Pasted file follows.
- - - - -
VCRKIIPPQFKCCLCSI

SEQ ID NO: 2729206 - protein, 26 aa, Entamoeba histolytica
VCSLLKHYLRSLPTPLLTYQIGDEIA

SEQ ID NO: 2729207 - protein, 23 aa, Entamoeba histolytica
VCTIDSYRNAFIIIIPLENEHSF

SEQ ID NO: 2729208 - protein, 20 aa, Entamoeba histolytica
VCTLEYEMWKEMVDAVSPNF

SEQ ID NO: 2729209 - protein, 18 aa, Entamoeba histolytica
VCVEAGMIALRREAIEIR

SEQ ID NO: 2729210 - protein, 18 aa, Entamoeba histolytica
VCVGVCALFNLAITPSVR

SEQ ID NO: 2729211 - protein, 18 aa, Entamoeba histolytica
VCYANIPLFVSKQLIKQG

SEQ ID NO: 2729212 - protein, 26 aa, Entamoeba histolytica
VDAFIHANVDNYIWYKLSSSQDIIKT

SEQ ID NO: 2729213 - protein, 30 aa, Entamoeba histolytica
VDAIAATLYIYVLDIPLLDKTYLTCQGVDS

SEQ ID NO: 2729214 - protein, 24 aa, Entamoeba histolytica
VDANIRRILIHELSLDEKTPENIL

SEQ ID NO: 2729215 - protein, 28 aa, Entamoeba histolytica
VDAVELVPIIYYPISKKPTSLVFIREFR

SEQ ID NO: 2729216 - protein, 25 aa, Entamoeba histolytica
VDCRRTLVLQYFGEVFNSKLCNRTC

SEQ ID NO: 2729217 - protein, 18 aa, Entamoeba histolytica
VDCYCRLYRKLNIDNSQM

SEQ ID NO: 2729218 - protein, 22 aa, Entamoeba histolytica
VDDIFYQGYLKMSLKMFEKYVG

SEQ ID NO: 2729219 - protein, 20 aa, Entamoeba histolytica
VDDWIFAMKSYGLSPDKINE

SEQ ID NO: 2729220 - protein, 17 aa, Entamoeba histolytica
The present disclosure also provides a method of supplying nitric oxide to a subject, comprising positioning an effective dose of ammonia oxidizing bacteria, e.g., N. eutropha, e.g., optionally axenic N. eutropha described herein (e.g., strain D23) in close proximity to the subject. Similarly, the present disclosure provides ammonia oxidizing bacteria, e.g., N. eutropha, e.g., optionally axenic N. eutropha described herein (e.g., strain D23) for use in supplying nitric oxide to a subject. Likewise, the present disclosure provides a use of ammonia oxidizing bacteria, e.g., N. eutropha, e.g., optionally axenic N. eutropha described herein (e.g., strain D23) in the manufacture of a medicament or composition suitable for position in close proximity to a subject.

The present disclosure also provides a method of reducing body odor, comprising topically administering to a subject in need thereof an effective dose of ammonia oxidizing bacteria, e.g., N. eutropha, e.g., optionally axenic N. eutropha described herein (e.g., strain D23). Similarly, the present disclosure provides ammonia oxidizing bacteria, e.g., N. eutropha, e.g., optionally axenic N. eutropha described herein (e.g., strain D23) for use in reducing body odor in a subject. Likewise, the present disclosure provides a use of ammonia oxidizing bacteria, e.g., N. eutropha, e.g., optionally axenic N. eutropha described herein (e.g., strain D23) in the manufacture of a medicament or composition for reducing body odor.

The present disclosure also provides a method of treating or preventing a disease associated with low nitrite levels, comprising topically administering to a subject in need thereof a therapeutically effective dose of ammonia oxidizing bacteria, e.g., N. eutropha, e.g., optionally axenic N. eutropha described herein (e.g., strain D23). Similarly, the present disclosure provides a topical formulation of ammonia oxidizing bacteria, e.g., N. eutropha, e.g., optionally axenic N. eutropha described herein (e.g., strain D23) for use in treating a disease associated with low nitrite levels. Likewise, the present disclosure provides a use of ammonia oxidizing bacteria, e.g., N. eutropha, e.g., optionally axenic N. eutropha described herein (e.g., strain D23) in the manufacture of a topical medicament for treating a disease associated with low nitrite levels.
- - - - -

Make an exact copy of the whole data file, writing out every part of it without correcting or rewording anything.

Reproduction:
VCRKIIPPQFKCCLCSI

SEQ ID NO: 2729206 - protein, 26 aa, Entamoeba histolytica
VCSLLKHYLRSLPTPLLTYQIGDEIA

SEQ ID NO: 2729207 - protein, 23 aa, Entamoeba histolytica
VCTIDSYRNAFIIIIPLENEHSF

SEQ ID NO: 2729208 - protein, 20 aa, Entamoeba histolytica
VCTLEYEMWKEMVDAVSPNF

SEQ ID NO: 2729209 - protein, 18 aa, Entamoeba histolytica
VCVEAGMIALRREAIEIR

SEQ ID NO: 2729210 - protein, 18 aa, Entamoeba histolytica
VCVGVCALFNLAITPSVR

SEQ ID NO: 2729211 - protein, 18 aa, Entamoeba histolytica
VCYANIPLFVSKQLIKQG

SEQ ID NO: 2729212 - protein, 26 aa, Entamoeba histolytica
VDAFIHANVDNYIWYKLSSSQDIIKT

SEQ ID NO: 2729213 - protein, 30 aa, Entamoeba histolytica
VDAIAATLYIYVLDIPLLDKTYLTCQGVDS

SEQ ID NO: 2729214 - protein, 24 aa, Entamoeba histolytica
VDANIRRILIHELSLDEKTPENIL

SEQ ID NO: 2729215 - protein, 28 aa, Entamoeba histolytica
VDAVELVPIIYYPISKKPTSLVFIREFR

SEQ ID NO: 2729216 - protein, 25 aa, Entamoeba histolytica
VDCRRTLVLQYFGEVFNSKLCNRTC

SEQ ID NO: 2729217 - protein, 18 aa, Entamoeba histolytica
VDCYCRLYRKLNIDNSQM

SEQ ID NO: 2729218 - protein, 22 aa, Entamoeba histolytica
VDDIFYQGYLKMSLKMFEKYVG

SEQ ID NO: 2729219 - protein, 20 aa, Entamoeba histolytica
VDDWIFAMKSYGLSPDKINE

SEQ ID NO: 2729220 - protein, 17 aa, Entamoeba histolytica
The present disclosure also provides a method of supplying nitric oxide to a subject, comprising positioning an effective dose of ammonia oxidizing bacteria, e.g., N. eutropha, e.g., optionally axenic N. eutropha described herein (e.g., strain D23) in close proximity to the subject. Similarly, the present disclosure provides ammonia oxidizing bacteria, e.g., N. eutropha, e.g., optionally axenic N. eutropha described herein (e.g., strain D23) for use in supplying nitric oxide to a subject. Likewise, the present disclosure provides a use of ammonia oxidizing bacteria, e.g., N. eutropha, e.g., optionally axenic N. eutropha described herein (e.g., strain D23) in the manufacture of a medicament or composition suitable for position in close proximity to a subject.

The present disclosure also provides a method of reducing body odor, comprising topically administering to a subject in need thereof an effective dose of ammonia oxidizing bacteria, e.g., N. eutropha, e.g., optionally axenic N. eutropha described herein (e.g., strain D23). Similarly, the present disclosure provides ammonia oxidizing bacteria, e.g., N. eutropha, e.g., optionally axenic N. eutropha described herein (e.g., strain D23) for use in reducing body odor in a subject. Likewise, the present disclosure provides a use of ammonia oxidizing bacteria, e.g., N. eutropha, e.g., optionally axenic N. eutropha described herein (e.g., strain D23) in the manufacture of a medicament or composition for reducing body odor.

The present disclosure also provides a method of treating or preventing a disease associated with low nitrite levels, comprising topically administering to a subject in need thereof a therapeutically effective dose of ammonia oxidizing bacteria, e.g., N. eutropha, e.g., optionally axenic N. eutropha described herein (e.g., strain D23). Similarly, the present disclosure provides a topical formulation of ammonia oxidizing bacteria, e.g., N. eutropha, e.g., optionally axenic N. eutropha described herein (e.g., strain D23) for use in treating a disease associated with low nitrite levels. Likewise, the present disclosure provides a use of ammonia oxidizing bacteria, e.g., N. eutropha, e.g., optionally axenic N. eutropha described herein (e.g., strain D23) in the manufacture of a topical medicament for treating a disease associated with low nitrite levels.